President Hamid Karzai on Wednesday denounced American soldiers who posed for gruesome pictures with Afghan victims of alleged “trophy” killings, calling the deaths cruel and tragic.
Addressing the issue publicly for the first time since the graphic images first surfaced this month in the German news magazine Der Spiegel, and more subsequently were revealed by Rolling Stone magazine, the Afghan leader said the photos should stir international indignation — “if there is conscience left in the West.”
The five U.S. soldiers accused of killing at least three Afghan civilians are members of the 5th Stryker Brigade, based at Fort Lewis, Wash. Prosecutors say members of the group, who have been charged with murder and conspiracy, formed a “kill team” that targeted unarmed civilians and then covered up their actions by pretending they had been under attack.
More than 100 photos, reminiscent of those taken by U.S. troops in Iraq who engaged in notorious abuses at Abu Ghraib prison, are part of the trove of evidence against the Stryker defendants. One of the five, Spc. Jeremy Morlock, pleaded guilty to murder and other charges last week and was sentenced to 24 years in prison.
The Pentagon has issued a public apology for the images and the distress they cause, saying in a statement that they were “disturbing and in striking contrast to the standards and values of the United States Army.”
Karzai, speaking at a teachers’ graduation ceremony in the capital, Kabul, accused the soldiers of deliberately taking aim at defenseless civilians.
“They killed a young boy for entertainment, they killed an old man for entertainment, and even planned to kill children — to throw candy and then fire on them,” he said. “It’s very sad. It’s a tragic story.”
The killings, which took place over a five-month period last year in Kandahar province, are generally considered among the worst atrocities involving Western troops to come to light in the course of the nearly 10-year-old Afghan war. Details depicting the platoon as riddled with drug use and violent rogue behavior have emerged in piecemeal fashion over a period of months.
Many Western organizations operating in Kabul had braced for trouble after the pictures’ publication, fearing potential retaliatory attacks against foreigners. So far, though, the inflammatory images — which have not been disseminated by Afghan news media, and which most Afghans cannot view online — have not ignited large-scale protests.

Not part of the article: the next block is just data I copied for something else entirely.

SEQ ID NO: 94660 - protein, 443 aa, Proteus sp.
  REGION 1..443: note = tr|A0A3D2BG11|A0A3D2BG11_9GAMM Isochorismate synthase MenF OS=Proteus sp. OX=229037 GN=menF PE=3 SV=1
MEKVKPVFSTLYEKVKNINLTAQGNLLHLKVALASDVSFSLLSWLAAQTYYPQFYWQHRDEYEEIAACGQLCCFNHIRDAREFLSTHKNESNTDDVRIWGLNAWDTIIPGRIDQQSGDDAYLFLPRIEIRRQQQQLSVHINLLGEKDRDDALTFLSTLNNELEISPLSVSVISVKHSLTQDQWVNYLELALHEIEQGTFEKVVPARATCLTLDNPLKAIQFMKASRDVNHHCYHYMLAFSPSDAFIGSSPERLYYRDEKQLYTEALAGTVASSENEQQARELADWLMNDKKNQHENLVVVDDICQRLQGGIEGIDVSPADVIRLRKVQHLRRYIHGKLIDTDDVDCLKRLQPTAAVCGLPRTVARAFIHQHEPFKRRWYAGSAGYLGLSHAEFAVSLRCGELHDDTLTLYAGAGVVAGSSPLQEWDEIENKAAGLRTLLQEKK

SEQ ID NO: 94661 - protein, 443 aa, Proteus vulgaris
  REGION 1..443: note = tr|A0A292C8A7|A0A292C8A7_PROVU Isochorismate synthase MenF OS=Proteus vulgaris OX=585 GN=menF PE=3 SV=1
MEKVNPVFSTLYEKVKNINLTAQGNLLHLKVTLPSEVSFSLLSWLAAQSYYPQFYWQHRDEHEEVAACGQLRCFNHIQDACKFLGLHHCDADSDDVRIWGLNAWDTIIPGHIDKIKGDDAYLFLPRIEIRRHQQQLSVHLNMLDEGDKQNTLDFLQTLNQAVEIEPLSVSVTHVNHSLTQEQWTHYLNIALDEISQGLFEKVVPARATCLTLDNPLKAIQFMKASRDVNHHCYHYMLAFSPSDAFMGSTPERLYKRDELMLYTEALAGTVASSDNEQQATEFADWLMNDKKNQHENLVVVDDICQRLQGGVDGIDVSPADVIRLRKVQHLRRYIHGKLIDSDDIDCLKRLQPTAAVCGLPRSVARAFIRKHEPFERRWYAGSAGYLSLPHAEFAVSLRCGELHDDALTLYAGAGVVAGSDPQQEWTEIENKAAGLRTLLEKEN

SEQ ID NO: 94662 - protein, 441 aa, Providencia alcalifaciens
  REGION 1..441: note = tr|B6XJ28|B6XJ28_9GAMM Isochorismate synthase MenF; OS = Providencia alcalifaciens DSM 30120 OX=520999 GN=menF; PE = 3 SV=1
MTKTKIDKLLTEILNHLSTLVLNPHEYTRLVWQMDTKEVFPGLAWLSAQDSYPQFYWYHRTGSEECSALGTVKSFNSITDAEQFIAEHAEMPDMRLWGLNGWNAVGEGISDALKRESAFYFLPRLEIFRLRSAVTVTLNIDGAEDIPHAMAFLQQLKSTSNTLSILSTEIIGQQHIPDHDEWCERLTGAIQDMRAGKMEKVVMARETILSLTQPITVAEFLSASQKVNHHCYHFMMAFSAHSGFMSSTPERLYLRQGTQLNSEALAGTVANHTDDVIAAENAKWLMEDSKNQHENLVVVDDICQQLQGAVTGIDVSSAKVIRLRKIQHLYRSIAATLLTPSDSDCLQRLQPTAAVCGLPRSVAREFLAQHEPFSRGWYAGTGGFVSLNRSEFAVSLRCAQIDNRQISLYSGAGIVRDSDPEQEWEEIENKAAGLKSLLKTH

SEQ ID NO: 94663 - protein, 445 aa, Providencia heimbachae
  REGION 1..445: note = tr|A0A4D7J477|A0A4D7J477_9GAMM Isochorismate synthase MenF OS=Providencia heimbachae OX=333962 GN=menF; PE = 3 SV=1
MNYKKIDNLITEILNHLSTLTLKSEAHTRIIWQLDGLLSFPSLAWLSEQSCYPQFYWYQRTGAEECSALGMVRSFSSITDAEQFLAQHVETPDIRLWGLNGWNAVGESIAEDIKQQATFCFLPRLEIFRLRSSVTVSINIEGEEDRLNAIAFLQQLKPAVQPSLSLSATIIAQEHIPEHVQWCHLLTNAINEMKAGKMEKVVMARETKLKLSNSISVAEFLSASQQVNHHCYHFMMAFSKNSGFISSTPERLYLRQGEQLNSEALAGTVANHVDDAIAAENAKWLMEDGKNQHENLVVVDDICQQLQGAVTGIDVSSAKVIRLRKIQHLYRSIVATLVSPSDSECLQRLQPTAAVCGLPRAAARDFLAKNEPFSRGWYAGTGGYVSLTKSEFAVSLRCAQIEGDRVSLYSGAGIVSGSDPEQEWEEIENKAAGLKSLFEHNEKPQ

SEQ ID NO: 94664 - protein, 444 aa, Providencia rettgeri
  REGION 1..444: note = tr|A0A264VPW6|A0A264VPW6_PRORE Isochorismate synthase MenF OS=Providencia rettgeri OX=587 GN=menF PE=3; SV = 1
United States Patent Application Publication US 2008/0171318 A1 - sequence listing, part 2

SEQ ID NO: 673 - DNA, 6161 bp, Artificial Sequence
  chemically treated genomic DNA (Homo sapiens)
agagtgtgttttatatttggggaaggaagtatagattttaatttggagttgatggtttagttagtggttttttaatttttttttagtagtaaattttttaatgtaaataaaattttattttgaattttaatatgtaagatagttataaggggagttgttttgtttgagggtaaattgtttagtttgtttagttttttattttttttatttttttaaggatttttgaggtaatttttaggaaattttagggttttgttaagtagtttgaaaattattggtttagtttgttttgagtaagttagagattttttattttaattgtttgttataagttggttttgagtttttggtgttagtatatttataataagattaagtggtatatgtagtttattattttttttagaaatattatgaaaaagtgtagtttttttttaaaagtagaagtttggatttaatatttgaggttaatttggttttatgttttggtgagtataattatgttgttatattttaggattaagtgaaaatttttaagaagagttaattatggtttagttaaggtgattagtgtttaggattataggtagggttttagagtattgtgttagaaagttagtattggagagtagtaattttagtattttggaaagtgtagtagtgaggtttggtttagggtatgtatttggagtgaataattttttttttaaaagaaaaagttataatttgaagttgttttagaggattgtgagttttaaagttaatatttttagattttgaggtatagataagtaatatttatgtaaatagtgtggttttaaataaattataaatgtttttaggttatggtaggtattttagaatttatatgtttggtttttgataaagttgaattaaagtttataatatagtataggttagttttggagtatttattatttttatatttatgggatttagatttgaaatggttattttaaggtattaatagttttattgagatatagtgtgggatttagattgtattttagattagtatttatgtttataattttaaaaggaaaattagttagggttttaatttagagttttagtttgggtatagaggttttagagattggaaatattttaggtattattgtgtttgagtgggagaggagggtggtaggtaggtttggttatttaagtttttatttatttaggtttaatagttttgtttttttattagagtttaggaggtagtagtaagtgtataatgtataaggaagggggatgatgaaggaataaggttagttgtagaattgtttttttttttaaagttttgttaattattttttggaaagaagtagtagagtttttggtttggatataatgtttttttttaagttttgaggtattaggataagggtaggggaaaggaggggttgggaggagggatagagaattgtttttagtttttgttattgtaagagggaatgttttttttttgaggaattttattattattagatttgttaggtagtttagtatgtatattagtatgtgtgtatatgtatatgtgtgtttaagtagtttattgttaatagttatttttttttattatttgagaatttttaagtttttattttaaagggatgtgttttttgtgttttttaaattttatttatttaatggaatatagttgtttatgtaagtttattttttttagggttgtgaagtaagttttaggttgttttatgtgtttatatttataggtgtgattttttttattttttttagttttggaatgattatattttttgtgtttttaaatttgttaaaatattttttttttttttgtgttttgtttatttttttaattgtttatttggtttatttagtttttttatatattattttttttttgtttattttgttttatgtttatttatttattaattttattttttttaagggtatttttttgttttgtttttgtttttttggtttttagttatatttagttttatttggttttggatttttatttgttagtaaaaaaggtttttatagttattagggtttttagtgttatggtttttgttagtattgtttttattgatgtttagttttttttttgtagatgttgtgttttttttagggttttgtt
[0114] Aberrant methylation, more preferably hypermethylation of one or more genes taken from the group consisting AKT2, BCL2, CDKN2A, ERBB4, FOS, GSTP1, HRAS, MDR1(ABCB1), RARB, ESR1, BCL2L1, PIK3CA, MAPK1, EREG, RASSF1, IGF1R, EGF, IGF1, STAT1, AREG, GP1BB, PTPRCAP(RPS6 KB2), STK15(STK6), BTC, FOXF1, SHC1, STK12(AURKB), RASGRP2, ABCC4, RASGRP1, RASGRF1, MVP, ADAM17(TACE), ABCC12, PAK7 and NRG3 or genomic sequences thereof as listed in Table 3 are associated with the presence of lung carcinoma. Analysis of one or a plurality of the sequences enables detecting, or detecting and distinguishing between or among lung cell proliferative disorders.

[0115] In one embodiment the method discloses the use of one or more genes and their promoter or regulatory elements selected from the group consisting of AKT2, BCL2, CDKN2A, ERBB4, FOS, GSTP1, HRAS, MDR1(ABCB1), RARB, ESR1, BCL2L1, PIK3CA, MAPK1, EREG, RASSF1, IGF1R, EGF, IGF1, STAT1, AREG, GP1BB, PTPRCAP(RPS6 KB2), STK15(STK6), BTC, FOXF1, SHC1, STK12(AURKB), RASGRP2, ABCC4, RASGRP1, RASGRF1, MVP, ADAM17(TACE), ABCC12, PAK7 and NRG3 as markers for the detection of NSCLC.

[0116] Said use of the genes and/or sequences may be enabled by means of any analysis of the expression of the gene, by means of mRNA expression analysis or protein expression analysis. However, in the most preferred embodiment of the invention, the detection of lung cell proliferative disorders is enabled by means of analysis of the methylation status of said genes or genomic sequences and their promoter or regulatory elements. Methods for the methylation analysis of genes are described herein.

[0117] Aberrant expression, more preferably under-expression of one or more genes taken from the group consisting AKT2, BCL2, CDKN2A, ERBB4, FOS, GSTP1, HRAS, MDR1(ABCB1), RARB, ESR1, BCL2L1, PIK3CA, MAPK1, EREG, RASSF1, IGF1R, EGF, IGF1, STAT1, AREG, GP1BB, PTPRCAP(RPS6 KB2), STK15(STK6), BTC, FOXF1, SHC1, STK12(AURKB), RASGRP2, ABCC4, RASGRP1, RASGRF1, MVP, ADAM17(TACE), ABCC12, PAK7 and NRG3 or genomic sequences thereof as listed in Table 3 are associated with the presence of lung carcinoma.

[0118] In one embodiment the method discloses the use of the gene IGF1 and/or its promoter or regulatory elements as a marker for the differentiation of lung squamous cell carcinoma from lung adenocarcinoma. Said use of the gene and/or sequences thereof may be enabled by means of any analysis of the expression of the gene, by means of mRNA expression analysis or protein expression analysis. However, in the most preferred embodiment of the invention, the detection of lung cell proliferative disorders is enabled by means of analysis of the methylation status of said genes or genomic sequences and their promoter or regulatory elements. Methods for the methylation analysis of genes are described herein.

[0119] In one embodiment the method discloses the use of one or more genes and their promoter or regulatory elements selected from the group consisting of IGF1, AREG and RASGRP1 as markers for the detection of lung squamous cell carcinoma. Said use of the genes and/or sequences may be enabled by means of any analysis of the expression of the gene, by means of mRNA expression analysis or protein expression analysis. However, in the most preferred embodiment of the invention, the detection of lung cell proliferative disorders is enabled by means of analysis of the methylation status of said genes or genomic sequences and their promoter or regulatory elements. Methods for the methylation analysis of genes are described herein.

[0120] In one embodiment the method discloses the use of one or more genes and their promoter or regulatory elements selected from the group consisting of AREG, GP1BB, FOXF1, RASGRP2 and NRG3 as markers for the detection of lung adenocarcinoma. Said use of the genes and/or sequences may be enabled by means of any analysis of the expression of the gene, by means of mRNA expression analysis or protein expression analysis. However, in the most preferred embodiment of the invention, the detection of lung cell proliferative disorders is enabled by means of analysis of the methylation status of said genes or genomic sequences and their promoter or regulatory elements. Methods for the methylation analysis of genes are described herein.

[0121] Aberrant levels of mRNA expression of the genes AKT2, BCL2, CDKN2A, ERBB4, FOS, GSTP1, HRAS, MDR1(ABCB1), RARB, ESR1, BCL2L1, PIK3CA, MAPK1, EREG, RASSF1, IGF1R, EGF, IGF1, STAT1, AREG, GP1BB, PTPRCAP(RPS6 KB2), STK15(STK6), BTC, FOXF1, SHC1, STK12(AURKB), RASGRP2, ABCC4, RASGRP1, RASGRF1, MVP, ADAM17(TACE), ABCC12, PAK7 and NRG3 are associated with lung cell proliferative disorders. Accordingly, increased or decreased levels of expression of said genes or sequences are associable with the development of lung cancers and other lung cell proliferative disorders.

Anti-Western demonstrations in Afghanistan are often highly orchestrated in nature, organized by religious and militant leaders rather than developing spontaneously, which leaves open the possibility they may yet occur. Large street protests have been organized over civilian casualties, or rumors that Western troops committed an act such as desecrating a copy of the Koran.
Karzai, who is a harsh and frequent critic of civilian deaths and injuries caused by foreign forces, was careful to avoid a wholesale denunciation of North Atlantic Treaty Organization troops in the country. The alliance force numbers about 150,000, two-thirds of whom are American.
“The people of the United States are undoubtedly good and compassionate people.…They are not cruel,” Karzai said in his speech. But he added, addressing Americans: “In your name some cruel actions have been visited on our people.”
The Afghan leader also echoed a theme he has frequently sounded in recent months: linking the foreign presence to what he has called meddling in Afghan affairs.
Over the last year and a half, Karzai has been under intense pressure from Western backers to clean up corruption in his government. The criticism grew after the near-collapse last year of the country’s largest private financial institution, Kabul Bank, which had doled out hundreds of millions of dollars in loans to politically influential Afghans, including some members of Karzai’s inner circle. The International Monetary Fund has recommended that the bank be placed in receivership.
In his speech, Karzai suggested that if the country had not been weakened by decades of war, “we wouldn’t be a host for foreign troops, and Afghanistan wouldn’t be under pressure and restrictions from the IMF and the World Bank.”
Karzai, who has been trying to woo the Taliban leadership to the bargaining table, also made a brief but conciliatory mention of reports that Mullah Mohammed Omar, the movement’s supreme leader, had ordered a halt to attacks by his fighters on Afghan schools, students and teachers.
“If that is true, we are thankful to them,” the president said.